There is a way to do this. Aptitude is only a layer abstraction on top of
dpkg that makes it more user-friendly, or easier to use, or safer, or less powerful, or patronizingly child-proofed depending on your relationship with your system and your outlook on life.
By definition, when you remove a package that is a (in this case a completely arbitrary) dependency, you are going to 'break the package' that depends on it. More often than you would think, this doesn't actually impair the functionality of the broken package perceptibly. Just always know that you can press
CTRL+ALT+F2 F3, F4, etc. once the OS is loaded and get a terminal to fix whatever you need to. Though you very well may have to be able to configure networking from the command line in that case... Anyways, If anyone tells you that "you can't", take it with a grain of salt. Because "you can".
Check that you got the right package name
~$ dpkg --list | grep "update-"
You should get some output like this with version numbers and some other info:
Cool. Now you can see that
update-notifier has another library associated with it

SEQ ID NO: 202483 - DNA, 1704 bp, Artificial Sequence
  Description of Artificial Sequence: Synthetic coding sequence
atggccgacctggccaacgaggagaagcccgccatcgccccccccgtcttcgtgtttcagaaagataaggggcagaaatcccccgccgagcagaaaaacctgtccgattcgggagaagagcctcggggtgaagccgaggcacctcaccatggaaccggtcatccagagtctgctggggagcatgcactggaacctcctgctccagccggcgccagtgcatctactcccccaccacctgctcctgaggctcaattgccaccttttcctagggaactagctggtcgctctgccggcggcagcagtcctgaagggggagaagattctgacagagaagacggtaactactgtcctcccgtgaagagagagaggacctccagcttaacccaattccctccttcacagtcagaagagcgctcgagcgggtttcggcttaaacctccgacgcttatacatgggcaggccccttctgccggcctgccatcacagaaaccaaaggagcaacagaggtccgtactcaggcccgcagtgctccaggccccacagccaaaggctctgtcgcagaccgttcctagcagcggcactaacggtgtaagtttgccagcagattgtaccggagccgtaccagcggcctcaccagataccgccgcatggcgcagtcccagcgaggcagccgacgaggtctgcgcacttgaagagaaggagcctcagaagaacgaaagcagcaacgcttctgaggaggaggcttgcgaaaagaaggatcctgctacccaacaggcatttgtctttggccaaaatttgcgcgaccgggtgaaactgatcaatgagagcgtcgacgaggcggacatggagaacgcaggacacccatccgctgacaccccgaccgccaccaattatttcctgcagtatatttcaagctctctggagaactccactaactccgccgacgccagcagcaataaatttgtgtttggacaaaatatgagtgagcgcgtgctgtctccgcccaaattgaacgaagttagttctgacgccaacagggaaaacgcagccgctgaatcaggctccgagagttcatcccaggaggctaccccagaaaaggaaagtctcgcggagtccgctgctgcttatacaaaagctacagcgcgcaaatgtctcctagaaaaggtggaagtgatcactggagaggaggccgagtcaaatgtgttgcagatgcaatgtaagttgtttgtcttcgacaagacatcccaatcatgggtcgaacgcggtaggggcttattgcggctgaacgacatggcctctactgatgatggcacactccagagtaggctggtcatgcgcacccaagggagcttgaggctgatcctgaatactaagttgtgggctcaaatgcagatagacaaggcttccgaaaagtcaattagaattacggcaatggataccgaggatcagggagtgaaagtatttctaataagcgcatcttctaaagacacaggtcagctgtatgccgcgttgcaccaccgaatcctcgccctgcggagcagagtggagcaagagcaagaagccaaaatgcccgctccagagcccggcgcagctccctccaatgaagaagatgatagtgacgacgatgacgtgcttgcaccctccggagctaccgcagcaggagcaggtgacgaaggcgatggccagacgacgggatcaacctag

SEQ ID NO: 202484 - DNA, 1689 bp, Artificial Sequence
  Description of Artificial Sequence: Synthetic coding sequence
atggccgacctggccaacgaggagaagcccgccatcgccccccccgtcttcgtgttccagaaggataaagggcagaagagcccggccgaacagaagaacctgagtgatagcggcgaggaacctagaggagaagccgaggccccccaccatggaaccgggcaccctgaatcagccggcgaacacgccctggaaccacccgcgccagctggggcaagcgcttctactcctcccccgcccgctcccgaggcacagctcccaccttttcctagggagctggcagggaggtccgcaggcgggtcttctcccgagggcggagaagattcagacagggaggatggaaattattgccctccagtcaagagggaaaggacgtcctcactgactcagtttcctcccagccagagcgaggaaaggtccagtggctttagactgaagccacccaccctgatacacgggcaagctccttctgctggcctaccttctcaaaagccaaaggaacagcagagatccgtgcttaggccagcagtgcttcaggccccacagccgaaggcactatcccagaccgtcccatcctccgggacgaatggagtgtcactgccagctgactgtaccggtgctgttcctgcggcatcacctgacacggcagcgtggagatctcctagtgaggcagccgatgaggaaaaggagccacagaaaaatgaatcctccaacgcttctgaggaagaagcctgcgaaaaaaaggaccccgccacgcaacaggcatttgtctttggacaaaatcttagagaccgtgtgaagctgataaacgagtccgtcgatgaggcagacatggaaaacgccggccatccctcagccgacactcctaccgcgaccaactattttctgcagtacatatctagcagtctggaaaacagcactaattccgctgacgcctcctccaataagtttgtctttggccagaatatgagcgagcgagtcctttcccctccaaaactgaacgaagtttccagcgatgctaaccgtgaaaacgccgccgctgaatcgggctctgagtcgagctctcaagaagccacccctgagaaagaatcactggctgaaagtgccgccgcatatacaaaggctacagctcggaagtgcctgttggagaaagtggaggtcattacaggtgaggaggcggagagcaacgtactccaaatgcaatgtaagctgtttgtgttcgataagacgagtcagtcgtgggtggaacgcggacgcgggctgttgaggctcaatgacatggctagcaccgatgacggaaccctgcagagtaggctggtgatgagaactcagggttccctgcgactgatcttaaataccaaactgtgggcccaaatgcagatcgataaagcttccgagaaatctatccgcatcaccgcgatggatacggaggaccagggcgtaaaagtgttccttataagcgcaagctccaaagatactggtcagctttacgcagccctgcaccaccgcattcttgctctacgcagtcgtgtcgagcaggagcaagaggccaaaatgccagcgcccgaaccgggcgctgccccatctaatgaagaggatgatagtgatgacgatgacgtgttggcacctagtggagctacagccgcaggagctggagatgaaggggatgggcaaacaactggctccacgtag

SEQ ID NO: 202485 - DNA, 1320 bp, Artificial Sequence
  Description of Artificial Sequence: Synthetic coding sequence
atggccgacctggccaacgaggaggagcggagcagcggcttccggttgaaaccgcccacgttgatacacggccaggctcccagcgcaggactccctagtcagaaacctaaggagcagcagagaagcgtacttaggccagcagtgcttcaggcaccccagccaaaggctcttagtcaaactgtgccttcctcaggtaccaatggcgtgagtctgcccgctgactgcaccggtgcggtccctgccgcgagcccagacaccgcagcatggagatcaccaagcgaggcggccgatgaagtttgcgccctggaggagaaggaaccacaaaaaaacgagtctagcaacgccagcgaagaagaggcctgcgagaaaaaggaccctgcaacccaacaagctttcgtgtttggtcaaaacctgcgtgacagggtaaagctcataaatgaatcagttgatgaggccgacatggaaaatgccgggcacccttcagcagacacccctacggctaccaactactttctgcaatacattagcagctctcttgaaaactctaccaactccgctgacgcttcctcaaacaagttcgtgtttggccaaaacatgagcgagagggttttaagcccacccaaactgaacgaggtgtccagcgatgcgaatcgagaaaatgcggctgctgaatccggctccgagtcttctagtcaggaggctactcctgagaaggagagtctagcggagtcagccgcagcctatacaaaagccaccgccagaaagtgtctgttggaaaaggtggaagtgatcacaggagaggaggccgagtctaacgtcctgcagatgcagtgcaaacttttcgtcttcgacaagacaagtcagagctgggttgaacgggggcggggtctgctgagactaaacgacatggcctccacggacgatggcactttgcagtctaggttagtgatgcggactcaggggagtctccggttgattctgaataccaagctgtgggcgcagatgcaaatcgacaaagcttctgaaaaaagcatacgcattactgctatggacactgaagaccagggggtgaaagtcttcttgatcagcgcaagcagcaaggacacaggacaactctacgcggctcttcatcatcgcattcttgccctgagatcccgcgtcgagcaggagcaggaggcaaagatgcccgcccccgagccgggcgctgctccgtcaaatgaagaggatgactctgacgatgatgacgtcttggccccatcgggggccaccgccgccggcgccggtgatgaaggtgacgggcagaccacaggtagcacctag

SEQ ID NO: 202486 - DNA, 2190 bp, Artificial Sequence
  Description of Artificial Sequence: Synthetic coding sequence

update-notifier-common. Let's remove these unnecessary packages. (Because seriously, let's face it, that ubuntu makes the entire gnome setup dependent on a GUI interface to an abstraction-layer of the Debian package manager is ridiculous.)
~# sudo dpkg -r --force-depends update-notifier
-r flag is short
--force-depends removes the package even though it breaks a dependency.
Or if you hate the thought of a bunch of configuration files for packages that you don't have on your computer laying around:
~# sudo dpkg -P --force-depends update-notifier
-P flag is Purge.
I usually restart at this point and check to make sure nothing I care about is broken. If it's all good, repeat the process for
update-notifier-common, and check again. You would be amazed at how much you can break and still have a fully functioning workstation.
And there you go. It's gone.
In fact, instead of
update-notifier you should just install
unattended-upgrades then run
dpkg-reconfigure -plow unattended-upgrades to automatically update unattended upgrades, and get the vital security updates without thinking about it ever again.
To reiterate: if this does break something you can't live without, you can always get to a terminal via
CTRL+ALT+F1 when the OS loads and reinstall the package. But seriously, if it's not a production system at work. Break it, and fix it, and break it again. Not only is it more fun, but you learn more faster. When you've messed around with packages enough to feel comfortable, I recommend moving on to kernel modules.
Seriously, I'm not joking. You will learn so much.